18. 18. A tank of gas, a world of of trouble The War to 20 percent of its imported crude from the unsettled region. chilly January night it arrived. It was late November in Iraq. Date harvesting season. Victims of Sunni-Shiite “Check it out, dude,” Rodriguez said. violence were being dumped, at the rate of five or six bodies a day into the dry , He ran a hand over the worn upholstery of his first car, a 995 cherry-red Jeep canals of Basra. that buried him $8,000 in debt. It gets 8 miles per gallon. Yousif, an old secularist like most ex-members of Hussein’s Baath Party sat , Rodriguez was all but broke after fueling up. He bought a 25-cent Zebra Cakes alone in his walled home. Three guards with machine guns patrolled his yard. cookie for dinner. Working the cash register all night, he glanced compulsively out Insurgents have threatened to kill him for cooperating with the coalition. For their at the Jeep. He seemed worried it might disappear. safety he sent his wife, Suad, and his daughters, Zaineb, 9, and Souhira, 4, into , ••• exile in the United Arab Emirates. (He’d been shot on the job already in the leg, by , What are the hidden costs of America’s imported oil? The answer is complex. unknown assailants.) A frustrated hunter, he spends hours at his computer looking It may ultimately be unknowable. But this hasn’t daunted the likes of Milton at pictures of wild birds. Copulos. Three days before Yousif ’s disconcerting checkpoint encounter, a supertanker A tenacious economist with the National Defense Council Foundation--a right- named the Front Crown loaded up on Iraqi crude at the Basra Oil Terminal. of-center Washington think tank--Copulos spent 8 solid months poring over The black-hulled vessel, flying the flag of the Bahamas and skippered by a hundreds of thousands of pages of government documents, toiling to fix a price tag Russian, chugged 6 days around the Horn of Africa, then steered northwest across on America’s addiction to global crude. He parsed oil-related defense spending in the Atlantic to Galveston Bay Five days later, according to Marathon schedulers, . the Middle East. He calculated U.S. jobs and investments lost to steep crude prices. it docked at the high-tech Louisiana Offshore Oil Port, where pumps as mighty He even factored in the lifelong medical bills of some 8,000 U.S. troops wounded in as locomotives sucked a million barrels of oil from its hold in hours--the same Iraq as of March. (About $.5 million each.) volume of crude that was burned by all the Allied armies in World War I. Copulos is a highly respected analyst in Washington. And his exhaustive findings Most of the cargo ended up at refineries across the Midwest. A wisp, about 26 flabbergasted the Senate Foreign Relations Committee this spring. tanker trucks’ worth, traveled north through pipelines to Marathon’s Robinson The actual cost of gasoline refined from imported oil, according to Copulos? plant. Eight dollars a gallon. These molecules snaked north through the Midwest at the pace of a walk, past When he isolated the hidden costs of Middle Eastern crude in particular, the rural roads whose telephone poles sometimes bore small, beribboned photos of local price jumped to $. This included a war premium that swelled the Pentagon’s GIs killed in Iraq: a bitter enough irony given that large volumes of crude are now , spending to protect all Persian Gulf oil to $7 billion a year. In a truly transparent being diverted in Iraq, intelligence sources say to fund the anti-U.S. insurgency , . economy by Copulos’ math, filling up Rodriguez’s Jeep would run about $20. , Indeed, of all the setbacks since the fall of Hussein, few match the ruinous decline Consumers don’t dodge the bill for all these masked expenditures. Instead, they of Iraq’s oil sector--once deemed by the Bush administration to be the economic pay for them indirectly through higher taxes, or by saddling their children and , salvation of the country. grandchildren with a ballooning national debt--one that’s increasingly financed by The Iraqi fuel reached South Elgin in a stew of Nigerian, Saudi and domestic foreigners. The result: Unaware of the true costs of their oil habit, U.S. motorists hydrocarbons. Cruz Rodriguez, the Marathon’s night clerk, bought 5 gallons on the see no obvious reason to curb their energy gluttony. 4 5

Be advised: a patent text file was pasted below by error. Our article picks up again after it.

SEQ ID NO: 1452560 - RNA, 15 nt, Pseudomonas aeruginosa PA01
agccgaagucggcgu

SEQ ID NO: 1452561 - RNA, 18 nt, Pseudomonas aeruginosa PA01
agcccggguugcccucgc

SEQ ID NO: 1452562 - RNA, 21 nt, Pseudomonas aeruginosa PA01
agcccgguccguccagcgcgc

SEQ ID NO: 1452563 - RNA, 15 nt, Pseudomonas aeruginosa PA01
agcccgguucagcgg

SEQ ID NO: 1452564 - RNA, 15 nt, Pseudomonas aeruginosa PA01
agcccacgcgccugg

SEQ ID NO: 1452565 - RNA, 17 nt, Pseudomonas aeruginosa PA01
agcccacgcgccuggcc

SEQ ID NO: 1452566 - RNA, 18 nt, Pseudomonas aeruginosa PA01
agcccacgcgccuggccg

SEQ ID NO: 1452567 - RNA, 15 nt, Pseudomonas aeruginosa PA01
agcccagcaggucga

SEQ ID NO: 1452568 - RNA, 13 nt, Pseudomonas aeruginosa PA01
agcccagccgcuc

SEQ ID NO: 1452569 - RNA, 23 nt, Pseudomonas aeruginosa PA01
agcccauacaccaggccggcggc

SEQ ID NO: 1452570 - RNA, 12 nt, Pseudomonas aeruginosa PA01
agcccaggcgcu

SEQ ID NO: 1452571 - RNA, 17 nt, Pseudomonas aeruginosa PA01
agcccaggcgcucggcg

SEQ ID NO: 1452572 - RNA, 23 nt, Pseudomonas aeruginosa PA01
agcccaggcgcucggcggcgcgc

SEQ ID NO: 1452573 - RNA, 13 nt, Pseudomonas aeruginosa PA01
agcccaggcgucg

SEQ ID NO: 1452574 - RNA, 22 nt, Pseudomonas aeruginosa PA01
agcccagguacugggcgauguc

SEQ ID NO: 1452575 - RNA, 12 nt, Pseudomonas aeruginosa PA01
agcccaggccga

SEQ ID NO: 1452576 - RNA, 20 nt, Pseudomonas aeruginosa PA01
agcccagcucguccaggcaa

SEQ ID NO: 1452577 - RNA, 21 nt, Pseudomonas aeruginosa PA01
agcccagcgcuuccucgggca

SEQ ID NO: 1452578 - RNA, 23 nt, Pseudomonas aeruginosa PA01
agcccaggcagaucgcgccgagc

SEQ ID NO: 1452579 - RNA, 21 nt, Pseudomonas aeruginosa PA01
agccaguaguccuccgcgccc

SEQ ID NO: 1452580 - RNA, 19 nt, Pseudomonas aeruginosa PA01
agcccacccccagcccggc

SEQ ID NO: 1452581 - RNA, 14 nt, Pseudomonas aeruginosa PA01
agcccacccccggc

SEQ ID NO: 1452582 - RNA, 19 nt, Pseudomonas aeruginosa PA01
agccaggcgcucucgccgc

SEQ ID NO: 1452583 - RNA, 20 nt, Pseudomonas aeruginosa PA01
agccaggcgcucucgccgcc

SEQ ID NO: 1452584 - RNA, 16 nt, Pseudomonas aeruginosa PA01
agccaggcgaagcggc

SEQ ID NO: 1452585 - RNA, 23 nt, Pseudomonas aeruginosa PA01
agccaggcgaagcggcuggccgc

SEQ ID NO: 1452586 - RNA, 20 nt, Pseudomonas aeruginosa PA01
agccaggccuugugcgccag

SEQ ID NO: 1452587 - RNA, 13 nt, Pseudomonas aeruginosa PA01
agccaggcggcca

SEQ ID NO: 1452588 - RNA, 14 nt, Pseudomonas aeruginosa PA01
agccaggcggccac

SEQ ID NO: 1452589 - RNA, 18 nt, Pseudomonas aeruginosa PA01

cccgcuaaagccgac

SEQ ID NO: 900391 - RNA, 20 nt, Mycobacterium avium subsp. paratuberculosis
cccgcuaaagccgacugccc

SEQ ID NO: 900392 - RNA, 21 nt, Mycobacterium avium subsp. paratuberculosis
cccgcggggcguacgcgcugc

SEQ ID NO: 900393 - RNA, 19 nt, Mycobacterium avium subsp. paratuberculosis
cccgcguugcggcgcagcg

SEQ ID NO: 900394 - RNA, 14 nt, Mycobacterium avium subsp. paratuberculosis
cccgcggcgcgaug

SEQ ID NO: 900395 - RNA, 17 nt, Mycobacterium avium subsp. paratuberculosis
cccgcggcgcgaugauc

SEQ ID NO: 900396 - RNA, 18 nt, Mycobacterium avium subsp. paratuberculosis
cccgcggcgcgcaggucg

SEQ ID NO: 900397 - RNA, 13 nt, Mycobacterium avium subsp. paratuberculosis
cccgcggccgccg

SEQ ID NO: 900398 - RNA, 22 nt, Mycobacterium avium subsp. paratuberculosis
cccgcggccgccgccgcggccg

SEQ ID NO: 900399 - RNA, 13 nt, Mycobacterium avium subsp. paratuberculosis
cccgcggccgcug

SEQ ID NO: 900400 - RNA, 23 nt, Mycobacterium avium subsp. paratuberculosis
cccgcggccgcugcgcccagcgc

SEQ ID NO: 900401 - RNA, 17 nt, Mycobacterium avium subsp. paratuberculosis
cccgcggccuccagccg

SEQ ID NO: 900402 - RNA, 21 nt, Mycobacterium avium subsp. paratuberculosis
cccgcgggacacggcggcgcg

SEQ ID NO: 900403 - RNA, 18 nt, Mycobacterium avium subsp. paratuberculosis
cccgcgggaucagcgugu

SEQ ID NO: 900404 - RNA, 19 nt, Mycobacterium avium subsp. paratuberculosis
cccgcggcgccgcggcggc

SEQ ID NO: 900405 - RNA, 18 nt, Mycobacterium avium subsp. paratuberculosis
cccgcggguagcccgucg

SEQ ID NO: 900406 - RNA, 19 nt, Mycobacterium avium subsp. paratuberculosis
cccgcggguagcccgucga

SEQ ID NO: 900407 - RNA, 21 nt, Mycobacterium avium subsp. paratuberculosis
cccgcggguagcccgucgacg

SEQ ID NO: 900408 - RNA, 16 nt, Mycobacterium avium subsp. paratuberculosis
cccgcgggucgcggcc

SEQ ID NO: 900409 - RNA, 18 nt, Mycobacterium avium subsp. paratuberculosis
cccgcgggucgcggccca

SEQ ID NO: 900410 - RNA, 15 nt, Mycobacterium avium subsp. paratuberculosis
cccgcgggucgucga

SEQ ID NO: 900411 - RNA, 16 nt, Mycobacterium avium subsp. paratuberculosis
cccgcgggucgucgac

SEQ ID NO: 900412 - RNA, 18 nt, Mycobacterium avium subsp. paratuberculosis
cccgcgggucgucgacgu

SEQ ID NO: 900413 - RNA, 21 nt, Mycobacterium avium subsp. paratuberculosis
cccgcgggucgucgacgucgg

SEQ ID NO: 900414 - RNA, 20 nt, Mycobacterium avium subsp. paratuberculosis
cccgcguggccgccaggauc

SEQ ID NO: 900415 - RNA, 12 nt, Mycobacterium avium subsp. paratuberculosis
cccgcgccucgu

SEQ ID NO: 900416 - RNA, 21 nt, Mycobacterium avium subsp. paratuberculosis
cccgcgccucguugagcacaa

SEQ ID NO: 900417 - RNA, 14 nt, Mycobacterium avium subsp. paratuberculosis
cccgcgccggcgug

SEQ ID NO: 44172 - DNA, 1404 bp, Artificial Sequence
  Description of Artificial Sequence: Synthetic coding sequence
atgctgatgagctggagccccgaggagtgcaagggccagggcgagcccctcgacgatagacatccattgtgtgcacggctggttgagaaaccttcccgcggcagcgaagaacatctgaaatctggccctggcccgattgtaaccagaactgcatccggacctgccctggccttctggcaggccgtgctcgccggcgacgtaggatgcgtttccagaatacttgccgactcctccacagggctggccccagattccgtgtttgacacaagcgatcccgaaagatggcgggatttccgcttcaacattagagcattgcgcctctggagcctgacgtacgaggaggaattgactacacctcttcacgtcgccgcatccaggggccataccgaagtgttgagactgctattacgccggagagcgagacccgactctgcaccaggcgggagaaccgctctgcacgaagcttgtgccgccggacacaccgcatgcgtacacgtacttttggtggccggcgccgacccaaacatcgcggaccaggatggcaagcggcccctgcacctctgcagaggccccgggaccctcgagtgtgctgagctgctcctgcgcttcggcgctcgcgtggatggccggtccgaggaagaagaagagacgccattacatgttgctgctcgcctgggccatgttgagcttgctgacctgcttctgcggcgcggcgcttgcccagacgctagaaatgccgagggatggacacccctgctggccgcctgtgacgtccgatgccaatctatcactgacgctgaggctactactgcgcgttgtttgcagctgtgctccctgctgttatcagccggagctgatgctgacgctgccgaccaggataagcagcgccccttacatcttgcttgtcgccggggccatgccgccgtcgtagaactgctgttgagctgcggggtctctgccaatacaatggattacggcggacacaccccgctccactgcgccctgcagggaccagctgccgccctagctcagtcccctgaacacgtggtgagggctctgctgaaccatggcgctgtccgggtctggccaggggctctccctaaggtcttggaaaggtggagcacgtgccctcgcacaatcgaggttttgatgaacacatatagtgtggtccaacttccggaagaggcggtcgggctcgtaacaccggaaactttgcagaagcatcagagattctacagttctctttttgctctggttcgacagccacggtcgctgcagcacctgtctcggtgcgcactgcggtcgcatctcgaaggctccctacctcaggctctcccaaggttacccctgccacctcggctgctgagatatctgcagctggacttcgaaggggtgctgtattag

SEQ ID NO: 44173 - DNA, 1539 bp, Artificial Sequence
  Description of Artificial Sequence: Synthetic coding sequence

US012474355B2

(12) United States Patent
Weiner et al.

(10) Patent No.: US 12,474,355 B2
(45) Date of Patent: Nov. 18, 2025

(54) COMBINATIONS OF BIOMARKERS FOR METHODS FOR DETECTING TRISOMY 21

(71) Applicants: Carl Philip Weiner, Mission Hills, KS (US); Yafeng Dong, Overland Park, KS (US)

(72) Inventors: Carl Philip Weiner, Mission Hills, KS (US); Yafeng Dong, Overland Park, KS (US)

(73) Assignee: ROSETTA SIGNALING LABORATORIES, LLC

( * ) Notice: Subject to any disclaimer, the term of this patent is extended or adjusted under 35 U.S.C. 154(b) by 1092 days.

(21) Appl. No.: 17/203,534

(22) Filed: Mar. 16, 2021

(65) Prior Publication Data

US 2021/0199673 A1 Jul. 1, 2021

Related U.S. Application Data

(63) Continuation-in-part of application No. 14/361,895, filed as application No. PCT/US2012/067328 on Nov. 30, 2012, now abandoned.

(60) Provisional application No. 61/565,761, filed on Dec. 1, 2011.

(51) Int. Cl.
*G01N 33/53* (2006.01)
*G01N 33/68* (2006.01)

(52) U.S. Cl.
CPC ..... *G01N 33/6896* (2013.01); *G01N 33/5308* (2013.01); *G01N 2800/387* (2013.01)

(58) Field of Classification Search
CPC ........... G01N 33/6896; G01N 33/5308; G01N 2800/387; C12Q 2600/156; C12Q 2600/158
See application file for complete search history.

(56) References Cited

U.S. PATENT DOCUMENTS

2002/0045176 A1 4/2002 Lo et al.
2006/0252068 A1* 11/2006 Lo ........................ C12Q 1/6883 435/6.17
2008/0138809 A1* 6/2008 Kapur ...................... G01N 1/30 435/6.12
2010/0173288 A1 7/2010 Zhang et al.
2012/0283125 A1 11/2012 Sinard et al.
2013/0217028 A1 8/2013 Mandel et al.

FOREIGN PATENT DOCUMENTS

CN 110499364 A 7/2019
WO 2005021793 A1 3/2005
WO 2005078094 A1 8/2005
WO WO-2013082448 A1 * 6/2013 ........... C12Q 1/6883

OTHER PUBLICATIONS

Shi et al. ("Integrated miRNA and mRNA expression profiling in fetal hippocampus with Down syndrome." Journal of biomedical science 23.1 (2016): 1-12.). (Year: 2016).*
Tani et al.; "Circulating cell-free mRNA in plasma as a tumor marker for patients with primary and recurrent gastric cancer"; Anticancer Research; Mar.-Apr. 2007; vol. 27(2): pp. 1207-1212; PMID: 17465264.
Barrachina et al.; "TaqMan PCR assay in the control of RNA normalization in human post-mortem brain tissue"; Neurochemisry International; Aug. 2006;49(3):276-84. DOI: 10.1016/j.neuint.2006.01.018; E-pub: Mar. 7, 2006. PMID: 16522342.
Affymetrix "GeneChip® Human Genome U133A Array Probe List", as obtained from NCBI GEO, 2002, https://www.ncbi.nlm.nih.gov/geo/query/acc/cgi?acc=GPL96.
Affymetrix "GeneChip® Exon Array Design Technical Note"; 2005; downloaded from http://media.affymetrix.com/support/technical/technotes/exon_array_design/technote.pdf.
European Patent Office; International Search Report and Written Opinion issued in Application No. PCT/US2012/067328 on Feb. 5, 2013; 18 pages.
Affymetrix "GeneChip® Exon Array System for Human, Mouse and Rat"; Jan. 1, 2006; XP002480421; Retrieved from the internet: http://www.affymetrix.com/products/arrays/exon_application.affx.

19. 19. A tank of gas, a world of of trouble The War “Gas isn’t too expensive,” said Copulos. “It’s way way too cheap.” , dragged Sunnis and ex-Baathists, like Yousif, into the canals of no return. Or, as he put it to senators, quoting the cartoon character Pogo: “We have met the “It cannot be easy to be the son of a former officer,” Yousif admitted, looking in enemy and they is us.” on Ali’s vacant bedroom. “He is a good boy but others put ideas in his head. I have , In fact, many experts think Copulos’ Olympian feat of accounting is still tried to be his friend, to turn him around.” much too conservative. Nobody can really calculate, they say the future security , Waiting for Ali, he sat down at his computer. He began clicking through pictures cost incurred by funneling petrodollars to regimes that have incubated Islamic of birds, a moment of escape for a man engulfed in war. terrorism, such as Saudi Arabia. Or tally foreign oil’s role in global warming. “Look--cranes,” he said. “We have beautiful cranes in Iraq.” Or, for that matter, amortize loneliness. ••• ••• Like Mazin Yousif, Cruz Rodriguez was awaiting the return of a loved one. No credible U.S. analyst pegs the agonies in Iraq primarily to oil. But Mazin He was tapping out an e-mail at the Elgin public library. Yousif does. Because, in effect, he has to. “Hey bro, just got your e-mail and was able to get away from work for a bit of “The Americans will not allow anything too terrible to happen here,” Yousif time ... Would really like to meet up and do something like shoot some pool or if you said hopefully a reference to the country’s immense oil potential. “If you control , know where we could go fishing ...” Iraq, you control the economy of the world. I think, eventually the coalition will , Rodriguez was writing an older half-brother who had walked out of his life 6 help Iraq become stable and prosperous like Qatar or Kuwait.” years before. Rodriguez had located the man by sheer chance, as you can only in His convoy was circling a dusty neighborhood in Basra. Gunshots popped America: He’d spotted him on an episode of Oprah, about rekindling a sex life in sporadically in the distance. Riding shotgun with AK-47s tucked beside their seats, marriage. A few minutes’ search on the Internet connected the rest of the dots. his bodyguards scanned the sidewalks, communicating by radio. When the street The Marathon night clerk punched the “send” button. He blinked at the empty was empty they gunned the vehicles to a metal gate and hustled Yousif through. , screen--a pale, stocky kid with “Rodriguez” tattooed on one side of his neck and Once inside, the Iraqi plunked his combat helmet onto a kitchen table with “Pure Pleasure” on the other. Then he drove to the Marathon to work graveyard. disgust and chucked his flak jacket onto the carpet. In this way at a time that always , Cops show up at the station like clockwork at midnight every night, looking changes, he ends his commutes from the oil fields. bloodless under the astringent lights. They buy coffee and cigarettes. Then come The house was silent. Yousif ’s son, Ali Yousif, 22, was absent again. the usual insomniacs. The bar-closing refugees at 2 a.m. And, a bit later, haggard Ali was the only family member who refused to evacuate Iraq for his own strippers from Blackjacks, a men’s club on Highway 25. protection. Lately he had been rebelling against his father’s taut discipline. There , “Know where to buy some dope?” one asked, drunk. were arguments over household chores. And the young chemical engineering “This ain’t an all-service station,” deadpanned Rodriguez. student had begun spending lots of time at a local Sunni mosque, a hazardous That night he sold more than ,000 gallons of regular: enough to quench America’s display of faith in sectarian and Shiite-dominated Basra. 250-gallons-a-second oil thirst for the space of a few heartbeats. Yousif worries that his son is flirting with religious extremism. Shiite gangs in ••• the city--the Mahdi Army Master of Martyrs and others--have whipped schoolgirls , Iraq’s state-run Southern Oil Co., one of the biggest petroleum corporations in for dancing at coed picnics, fire-bombed “impious” liquor stores. They have also the world, occupies a sprawling, concrete cube in Basra. 6 7